It is interesting to plot the current distribution on the antenna wires at the two design frequencies. Ideally, on 40m all of the current should be in the 40m side, with no current in the 80m side, and vice-versa. I am driving the antenna with 100W at each freq. This shows that doesn't happen as expected, but you can see the trend:

    I am a bit curious where you came up with 3mS for ground conductivity and a dielectric constant of 4?
    Last edited: Aug 1, 2020
    M7DJK likes this.
  8. AC6LA

    AC6LA Ham Member QRZ Page

    M7DJK, for some help on that see this old QRZ post and the one after that.

    And an unrelated suggestion: When requesting modeling help it's always nice to include your model so others don't have to guess what you did. With 4nec2 and MMANA you can just copy/paste the ASCII text of the *.nec or *.maa file directly into a post. With EZNEC you can either a) put the *.ez file inside a *.zip file and attach the zip file using the "Upload a File" button, or b) use Mike's trick of appending .txt to your model name and attach the txt file. That is, if your EZNEC model file is MyModel.ez rename it to MyModel.ez.txt and upload that.

    Looks like that is one of the "generic" ground type choices in 4nec2; Poor, Moderate, Average, Good.


    Dan, AC6LA
    M7DJK likes this.
  9. M7DJK

    M7DJK XML Subscriber QRZ Page

    Yes its a G7FEK nested Marconi 40/80 multiband thingy :)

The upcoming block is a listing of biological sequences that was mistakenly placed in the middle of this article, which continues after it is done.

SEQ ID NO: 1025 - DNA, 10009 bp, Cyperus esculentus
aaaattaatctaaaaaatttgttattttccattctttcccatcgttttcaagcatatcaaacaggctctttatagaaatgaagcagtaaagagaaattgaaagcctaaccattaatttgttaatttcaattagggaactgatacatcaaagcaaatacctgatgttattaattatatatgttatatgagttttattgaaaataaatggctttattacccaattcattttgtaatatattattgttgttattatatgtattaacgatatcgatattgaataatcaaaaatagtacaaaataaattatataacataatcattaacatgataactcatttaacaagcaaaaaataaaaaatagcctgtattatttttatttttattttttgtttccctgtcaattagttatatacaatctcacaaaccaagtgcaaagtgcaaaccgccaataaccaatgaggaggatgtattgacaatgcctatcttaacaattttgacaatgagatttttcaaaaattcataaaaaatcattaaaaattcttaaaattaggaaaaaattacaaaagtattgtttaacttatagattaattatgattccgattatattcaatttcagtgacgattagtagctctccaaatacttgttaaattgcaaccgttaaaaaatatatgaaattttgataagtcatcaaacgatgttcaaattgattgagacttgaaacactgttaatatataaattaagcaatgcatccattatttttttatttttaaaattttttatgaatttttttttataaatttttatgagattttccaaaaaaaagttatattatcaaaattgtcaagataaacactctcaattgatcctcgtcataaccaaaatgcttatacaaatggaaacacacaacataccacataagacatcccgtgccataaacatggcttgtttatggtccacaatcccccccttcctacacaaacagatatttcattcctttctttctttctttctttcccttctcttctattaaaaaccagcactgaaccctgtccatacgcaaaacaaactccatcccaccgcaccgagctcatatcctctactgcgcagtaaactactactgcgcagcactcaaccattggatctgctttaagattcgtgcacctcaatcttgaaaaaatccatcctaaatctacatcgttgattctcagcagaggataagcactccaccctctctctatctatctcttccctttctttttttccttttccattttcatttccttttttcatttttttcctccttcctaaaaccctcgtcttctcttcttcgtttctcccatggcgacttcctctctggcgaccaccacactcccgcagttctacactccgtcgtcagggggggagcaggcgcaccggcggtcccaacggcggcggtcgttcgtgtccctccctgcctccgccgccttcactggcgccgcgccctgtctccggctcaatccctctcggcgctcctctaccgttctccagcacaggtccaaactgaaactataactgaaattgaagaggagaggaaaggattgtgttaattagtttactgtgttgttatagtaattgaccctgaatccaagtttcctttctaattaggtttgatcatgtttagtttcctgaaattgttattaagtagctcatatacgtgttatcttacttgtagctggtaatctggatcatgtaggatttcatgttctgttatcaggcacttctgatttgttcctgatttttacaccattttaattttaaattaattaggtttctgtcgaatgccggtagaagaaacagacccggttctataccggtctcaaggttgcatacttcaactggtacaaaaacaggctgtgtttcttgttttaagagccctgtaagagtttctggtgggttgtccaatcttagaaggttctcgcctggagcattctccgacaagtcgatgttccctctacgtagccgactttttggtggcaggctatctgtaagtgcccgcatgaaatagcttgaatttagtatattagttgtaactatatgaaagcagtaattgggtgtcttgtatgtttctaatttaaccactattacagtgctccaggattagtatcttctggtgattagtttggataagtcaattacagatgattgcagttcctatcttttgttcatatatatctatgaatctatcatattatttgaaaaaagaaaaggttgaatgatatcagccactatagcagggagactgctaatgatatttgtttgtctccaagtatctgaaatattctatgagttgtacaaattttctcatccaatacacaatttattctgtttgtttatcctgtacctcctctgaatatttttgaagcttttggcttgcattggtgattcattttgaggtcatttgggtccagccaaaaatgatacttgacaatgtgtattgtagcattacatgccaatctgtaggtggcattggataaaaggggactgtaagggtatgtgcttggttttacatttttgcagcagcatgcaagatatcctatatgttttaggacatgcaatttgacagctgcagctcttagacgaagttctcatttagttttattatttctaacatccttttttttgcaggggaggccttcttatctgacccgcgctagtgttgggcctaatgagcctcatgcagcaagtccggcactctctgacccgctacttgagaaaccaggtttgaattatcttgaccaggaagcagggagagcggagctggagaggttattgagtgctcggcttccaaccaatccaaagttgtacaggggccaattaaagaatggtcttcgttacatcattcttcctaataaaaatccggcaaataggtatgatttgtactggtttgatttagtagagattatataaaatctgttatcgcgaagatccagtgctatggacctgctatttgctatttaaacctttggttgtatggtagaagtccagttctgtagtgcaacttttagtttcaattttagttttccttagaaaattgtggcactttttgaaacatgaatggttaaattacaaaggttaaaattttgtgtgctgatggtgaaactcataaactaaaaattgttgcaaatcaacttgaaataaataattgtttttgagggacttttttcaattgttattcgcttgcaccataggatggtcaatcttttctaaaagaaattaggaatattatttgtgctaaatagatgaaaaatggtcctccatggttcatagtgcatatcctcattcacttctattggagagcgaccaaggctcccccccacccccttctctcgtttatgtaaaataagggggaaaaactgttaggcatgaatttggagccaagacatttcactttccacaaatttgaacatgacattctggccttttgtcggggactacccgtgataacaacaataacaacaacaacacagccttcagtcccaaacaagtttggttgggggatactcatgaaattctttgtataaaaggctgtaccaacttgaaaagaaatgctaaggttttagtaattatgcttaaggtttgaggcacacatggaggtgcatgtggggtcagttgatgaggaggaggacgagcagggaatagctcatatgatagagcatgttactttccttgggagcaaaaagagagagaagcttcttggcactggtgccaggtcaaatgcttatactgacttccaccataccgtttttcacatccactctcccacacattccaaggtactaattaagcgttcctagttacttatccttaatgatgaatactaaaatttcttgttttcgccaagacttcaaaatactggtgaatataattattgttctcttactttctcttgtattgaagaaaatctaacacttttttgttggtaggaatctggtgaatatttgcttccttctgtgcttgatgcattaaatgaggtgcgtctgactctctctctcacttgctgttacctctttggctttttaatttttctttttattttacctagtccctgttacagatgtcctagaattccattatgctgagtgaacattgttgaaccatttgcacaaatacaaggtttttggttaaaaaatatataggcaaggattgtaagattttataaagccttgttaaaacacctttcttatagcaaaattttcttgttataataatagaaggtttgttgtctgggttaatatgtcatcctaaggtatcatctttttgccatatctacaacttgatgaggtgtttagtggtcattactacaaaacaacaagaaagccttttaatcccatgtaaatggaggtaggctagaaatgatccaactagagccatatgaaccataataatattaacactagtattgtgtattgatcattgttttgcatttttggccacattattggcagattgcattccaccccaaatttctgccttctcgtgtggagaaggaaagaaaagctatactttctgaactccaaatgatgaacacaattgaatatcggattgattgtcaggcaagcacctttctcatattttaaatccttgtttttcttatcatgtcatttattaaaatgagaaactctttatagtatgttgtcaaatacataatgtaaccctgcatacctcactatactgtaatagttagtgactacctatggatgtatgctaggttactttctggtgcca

I did try the transmission line bit but have not yet found out enough as to how its setup/implemented to make it work, will keep playing with that.

    My efficiency is poor so far, something like 10-15% so i guess my 10W on 40m is only 1.5W radiated, maybe, plus looking at my orientation and max signal it seems i am firing most of my 1.5W at Norway/Sweden :)

    I was wrong in my earlier post, the current is there on the vertical but it was at 90deg to the horizontals so my picture view did not show it :) I am guessing this is why my max output is rotated to one side?

    Its certainly fascinating but i need to figure this zero length transmission line bit some more.

    Model is here...

    Attached Files:

  10. W9XMT

    W9XMT Ham Member QRZ Page

    Sorry, but that belief is invalid (see the graphic below).

    In the case of the antenna system configuration in the Dave G7 2 file posted by M7DJK here in Reply 9, the 40m radiation pattern is fully formed at a horizontal distance of about 10.2 meters (less than
    λ/4 from the radiator).